Date of Award
Master of Fine Arts (MFA) in Visual Art
In my art practice, I strive to recover the value of non-human animals as fellow beings with whom we are in relation. In the last decade, “the animal question” has gained momentum across disciplines, and I situate myself as part of the effort to challenge the denigration of nonhuman animals that has led to the widespread exploitation of their labor and bodies. In my practice, I create paintings, drawings and mixed-media collages that recover the genesis of the word “animal” as meaning one with breath, one with soul. Through expressionist mark and material tactility, I create intimate and large-scale works that center on shared embodiment, particularly the entwinement of vulnerability and vitality. Employing painting as both haptic object and illusionary image, I create works that offer viewers stillness to experience empathetic connection with those nonhuman animals normally regarded as objects of consumption. The kind of empathy that I engage in during the making process and that I encourage for the viewer, is not one of simple emotional identification, but rather “feeling with” nonhuman animals, who, despite their enigmatic Otherness, are undeniably kin to us as embodied beings.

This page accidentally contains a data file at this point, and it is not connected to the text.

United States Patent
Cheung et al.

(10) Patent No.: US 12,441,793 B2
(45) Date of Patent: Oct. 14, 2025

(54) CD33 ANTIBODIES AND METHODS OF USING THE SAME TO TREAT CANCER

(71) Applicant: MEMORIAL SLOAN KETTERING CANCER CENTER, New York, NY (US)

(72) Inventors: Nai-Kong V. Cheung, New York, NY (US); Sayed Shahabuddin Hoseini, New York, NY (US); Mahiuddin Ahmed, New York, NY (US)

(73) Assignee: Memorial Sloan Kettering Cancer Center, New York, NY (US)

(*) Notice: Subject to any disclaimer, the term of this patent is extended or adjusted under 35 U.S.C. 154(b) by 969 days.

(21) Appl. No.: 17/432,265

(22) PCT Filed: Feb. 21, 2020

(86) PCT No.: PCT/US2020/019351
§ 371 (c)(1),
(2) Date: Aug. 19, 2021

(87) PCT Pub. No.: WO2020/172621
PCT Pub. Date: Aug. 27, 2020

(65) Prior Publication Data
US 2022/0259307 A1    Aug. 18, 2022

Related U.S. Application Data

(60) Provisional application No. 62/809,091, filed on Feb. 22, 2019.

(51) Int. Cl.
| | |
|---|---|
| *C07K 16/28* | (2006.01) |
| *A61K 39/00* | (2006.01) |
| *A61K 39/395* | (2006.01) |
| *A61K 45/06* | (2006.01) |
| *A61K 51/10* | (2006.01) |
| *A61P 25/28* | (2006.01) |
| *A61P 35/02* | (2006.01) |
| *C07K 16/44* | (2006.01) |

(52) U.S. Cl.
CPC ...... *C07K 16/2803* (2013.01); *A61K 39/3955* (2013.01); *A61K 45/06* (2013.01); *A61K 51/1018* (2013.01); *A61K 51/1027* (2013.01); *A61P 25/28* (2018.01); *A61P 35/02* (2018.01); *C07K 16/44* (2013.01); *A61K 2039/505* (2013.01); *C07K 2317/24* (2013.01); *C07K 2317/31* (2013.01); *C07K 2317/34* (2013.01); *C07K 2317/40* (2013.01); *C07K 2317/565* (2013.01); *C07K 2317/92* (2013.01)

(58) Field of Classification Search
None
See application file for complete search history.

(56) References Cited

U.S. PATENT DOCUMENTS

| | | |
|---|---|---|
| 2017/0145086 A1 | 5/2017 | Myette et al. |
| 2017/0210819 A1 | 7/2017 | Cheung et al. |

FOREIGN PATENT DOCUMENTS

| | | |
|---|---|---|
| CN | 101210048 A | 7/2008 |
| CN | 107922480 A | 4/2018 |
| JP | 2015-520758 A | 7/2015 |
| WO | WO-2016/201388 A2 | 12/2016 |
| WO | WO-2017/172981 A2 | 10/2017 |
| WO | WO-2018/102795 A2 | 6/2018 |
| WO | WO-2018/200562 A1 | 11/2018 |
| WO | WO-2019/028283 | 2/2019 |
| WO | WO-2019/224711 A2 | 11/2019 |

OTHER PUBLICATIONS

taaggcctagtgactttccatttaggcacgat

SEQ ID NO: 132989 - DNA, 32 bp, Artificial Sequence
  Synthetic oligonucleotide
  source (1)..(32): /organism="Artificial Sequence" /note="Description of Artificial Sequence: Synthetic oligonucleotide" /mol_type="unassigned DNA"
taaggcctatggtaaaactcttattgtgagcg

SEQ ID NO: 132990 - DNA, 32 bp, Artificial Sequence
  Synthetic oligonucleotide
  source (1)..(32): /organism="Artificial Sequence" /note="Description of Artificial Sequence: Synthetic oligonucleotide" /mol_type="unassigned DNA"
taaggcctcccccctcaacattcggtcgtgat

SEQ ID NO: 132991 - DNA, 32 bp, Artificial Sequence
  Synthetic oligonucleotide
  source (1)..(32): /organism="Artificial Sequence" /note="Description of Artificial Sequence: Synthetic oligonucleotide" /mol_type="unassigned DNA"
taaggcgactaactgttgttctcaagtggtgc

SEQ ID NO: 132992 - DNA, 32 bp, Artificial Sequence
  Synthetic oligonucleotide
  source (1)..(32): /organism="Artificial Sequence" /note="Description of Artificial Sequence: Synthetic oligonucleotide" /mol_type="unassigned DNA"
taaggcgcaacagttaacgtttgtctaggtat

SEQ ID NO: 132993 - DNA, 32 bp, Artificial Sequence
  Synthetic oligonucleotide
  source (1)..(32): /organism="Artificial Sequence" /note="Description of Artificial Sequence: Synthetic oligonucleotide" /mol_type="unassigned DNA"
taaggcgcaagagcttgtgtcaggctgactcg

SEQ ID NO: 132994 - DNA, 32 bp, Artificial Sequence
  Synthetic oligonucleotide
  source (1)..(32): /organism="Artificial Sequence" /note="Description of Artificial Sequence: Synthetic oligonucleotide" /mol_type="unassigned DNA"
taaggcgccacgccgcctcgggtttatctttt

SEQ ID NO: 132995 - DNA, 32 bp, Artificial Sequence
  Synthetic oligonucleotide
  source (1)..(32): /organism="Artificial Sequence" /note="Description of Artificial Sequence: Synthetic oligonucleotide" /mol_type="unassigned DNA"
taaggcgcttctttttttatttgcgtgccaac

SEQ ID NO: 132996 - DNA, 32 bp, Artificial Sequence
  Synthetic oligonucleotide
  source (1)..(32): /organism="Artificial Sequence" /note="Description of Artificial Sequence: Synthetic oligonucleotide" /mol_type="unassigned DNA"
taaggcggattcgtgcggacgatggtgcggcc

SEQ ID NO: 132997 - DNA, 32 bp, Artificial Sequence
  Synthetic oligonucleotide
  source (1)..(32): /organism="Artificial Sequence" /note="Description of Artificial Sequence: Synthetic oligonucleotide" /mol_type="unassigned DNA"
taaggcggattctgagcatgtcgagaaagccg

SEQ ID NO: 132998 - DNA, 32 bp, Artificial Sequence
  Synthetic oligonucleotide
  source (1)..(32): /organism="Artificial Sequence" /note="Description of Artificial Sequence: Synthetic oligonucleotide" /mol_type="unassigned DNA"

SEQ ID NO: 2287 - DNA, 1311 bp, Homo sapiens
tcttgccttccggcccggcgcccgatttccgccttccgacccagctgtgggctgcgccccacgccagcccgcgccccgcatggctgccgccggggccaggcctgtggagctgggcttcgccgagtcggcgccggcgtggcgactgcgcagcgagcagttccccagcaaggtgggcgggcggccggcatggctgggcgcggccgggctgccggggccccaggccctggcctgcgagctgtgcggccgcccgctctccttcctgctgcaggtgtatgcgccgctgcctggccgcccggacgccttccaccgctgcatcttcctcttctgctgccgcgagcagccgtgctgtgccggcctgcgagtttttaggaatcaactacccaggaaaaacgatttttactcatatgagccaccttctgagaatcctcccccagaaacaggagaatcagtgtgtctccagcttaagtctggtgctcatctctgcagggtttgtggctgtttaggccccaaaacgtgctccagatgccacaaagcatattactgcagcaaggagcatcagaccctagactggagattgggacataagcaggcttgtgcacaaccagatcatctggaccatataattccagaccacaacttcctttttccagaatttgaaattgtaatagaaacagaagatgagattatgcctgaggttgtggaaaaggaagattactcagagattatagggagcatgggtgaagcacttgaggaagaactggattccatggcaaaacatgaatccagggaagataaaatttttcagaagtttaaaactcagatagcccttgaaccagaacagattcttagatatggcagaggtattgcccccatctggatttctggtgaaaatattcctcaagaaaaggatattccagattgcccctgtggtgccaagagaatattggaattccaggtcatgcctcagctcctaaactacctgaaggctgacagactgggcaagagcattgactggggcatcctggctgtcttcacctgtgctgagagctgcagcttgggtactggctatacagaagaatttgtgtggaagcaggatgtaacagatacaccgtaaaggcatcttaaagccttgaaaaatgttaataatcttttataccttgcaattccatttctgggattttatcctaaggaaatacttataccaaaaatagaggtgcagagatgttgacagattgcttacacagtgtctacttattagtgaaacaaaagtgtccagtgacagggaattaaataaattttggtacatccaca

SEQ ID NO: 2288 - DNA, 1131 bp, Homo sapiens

Program Director's Department
Graduate School of Art
Ryshke, Linnea, "The Always and Never Seen" (2020). Graduate School of Art Theses. ETD 135.